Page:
On the 20th anniversary of the release of Wu-Tang Clan’s iconic debut, Enter The Wu-Tang (36 Chambers), a number of emcees have come forward to share their memories of the Staten Island crew. Cam’ron, Jadakiss, and music industry vet Steve Rifkind are among a handful of people who revealed their memories of the group in “Wu-Forever Celebrating 20 Years Of Wu-Tang Clan,” a three-part video special put on by BET.com.

It was outside of his former high school when Harlem spitter Cam’ron says he was first introduced to the music of Wu-Tang Clan.

“I was walking out of high school, school was over, there was some other kids from my school who never go to class, outside on the corner chillin’,” said Cam. “And they was playing, I’m like ‘Yo, who is that?’ And they was like ‘Wu-Tang Clan.’ I’m like ‘Wu-Tang? What is that?’ You know when you first heard the name you like ‘What is Wu-Tang Clan? What are you talking about?’ They like ‘Nah, it’s these dudes.’ So, then I’m outside listening. I’m like ‘How many people are on this song, yo?’”

Similar to Cam’ron, Jadakiss says he also caught his first listen to the nine-man group while in high school. According to Jada, his first listen came via “Protect Ya Neck,” Wu-Tang’s debut single.

“They incorporated the whole kung-fu, the whole—they slang. They had they own slang,” said Jadakiss. “It’s nine of them. One of them wasn’t showing his face. The Ol’ Dirty that was wild, different personalities and energies. So, that was crazy. I remember somebody came with ‘Protect Ya Neck.’ First time I heard ‘Protect Ya Neck’ was in the school in the bathroom. Cause the deans would take your walkmans and radios away. Somebody snuck a black radio…And ‘Protect Ya Neck’ was on. He just kept playing it back. And I remember everybody saying, ‘What’s that?’”

In addition to commentary from various artists and music journalists, “Wu-Forever Celebrating 20 Years Of Wu-Tang Clan” also includes an appearance from Steve Rifkind, the founder of Loud Records and the man who helped launch the career of Wu-Tang.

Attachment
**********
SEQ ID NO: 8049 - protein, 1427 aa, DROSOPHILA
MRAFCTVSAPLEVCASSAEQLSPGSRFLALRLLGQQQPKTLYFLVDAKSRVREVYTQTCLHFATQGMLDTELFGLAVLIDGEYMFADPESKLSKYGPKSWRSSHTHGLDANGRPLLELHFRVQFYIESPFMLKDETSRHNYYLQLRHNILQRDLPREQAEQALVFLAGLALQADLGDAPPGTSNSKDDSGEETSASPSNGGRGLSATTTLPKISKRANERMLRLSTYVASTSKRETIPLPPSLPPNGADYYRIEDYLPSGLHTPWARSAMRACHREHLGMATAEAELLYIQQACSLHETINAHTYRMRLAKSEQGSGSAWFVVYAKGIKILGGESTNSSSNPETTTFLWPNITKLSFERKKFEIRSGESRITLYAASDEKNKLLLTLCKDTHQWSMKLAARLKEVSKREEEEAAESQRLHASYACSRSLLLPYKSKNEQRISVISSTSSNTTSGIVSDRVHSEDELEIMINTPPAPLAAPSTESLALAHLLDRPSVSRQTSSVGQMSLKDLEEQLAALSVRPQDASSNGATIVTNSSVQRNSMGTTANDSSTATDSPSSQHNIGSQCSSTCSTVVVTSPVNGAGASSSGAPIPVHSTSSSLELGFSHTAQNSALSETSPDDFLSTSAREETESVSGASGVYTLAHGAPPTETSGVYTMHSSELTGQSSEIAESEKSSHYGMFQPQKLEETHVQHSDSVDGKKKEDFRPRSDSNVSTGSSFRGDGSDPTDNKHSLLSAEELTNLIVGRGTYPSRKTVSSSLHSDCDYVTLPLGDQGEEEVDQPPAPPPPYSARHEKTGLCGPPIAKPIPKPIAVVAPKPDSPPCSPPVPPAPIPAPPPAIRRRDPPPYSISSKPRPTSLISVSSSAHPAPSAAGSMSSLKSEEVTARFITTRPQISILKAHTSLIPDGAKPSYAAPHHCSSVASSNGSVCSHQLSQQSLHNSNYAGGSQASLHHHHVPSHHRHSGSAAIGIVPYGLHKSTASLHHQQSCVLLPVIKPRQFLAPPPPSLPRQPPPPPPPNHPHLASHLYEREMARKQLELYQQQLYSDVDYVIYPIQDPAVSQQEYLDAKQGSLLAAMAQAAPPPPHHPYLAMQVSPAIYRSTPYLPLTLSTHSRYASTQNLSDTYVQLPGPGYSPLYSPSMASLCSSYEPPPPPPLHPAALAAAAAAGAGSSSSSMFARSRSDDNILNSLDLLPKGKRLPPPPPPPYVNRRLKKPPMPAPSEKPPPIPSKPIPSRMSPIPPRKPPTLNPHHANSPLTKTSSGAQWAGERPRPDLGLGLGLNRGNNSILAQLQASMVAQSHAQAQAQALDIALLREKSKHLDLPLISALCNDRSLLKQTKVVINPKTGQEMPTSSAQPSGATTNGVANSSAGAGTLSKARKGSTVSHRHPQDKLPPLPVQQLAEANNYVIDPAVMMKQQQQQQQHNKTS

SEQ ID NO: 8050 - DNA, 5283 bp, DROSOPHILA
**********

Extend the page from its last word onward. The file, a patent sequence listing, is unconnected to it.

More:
While speaking on the group, Rifkind recalled working directly with RZA who he says was in his office every day with a list of tasks he hoped to accomplish.

“That record debuted number one in the world in every country,” said Rifkind. “So, my gut was right. And me and RZA just had the most incredible—we still have the most incredible relationship. You know, where he would come in every single day with a yellow pad and say ‘These are all the things I would like to get done.’ And I would say ‘Yes.’ And he goes ‘Why are you saying yes to me?’ I said ‘Because it makes sense.’ He goes ‘You’re the first person that ever said yes to me.’”

On the 20th anniversary of Enter The Wu-Tang (36 Chambers) those in Wu-Tang Clan have also come forward to share their early memories. Among them was Wu-Tang emcee U-God, who recently compared his relationship with Method Man to that of Batman and Robin during an interview with WuTangClan.com.

“I was really holding down Meth[od Man],” said U-God. “Me and him were more Batman and Robin in the streets. We were doing our thing because we had both gotten kicked out of our houses so we had to stand up like men and do what we had to do.”

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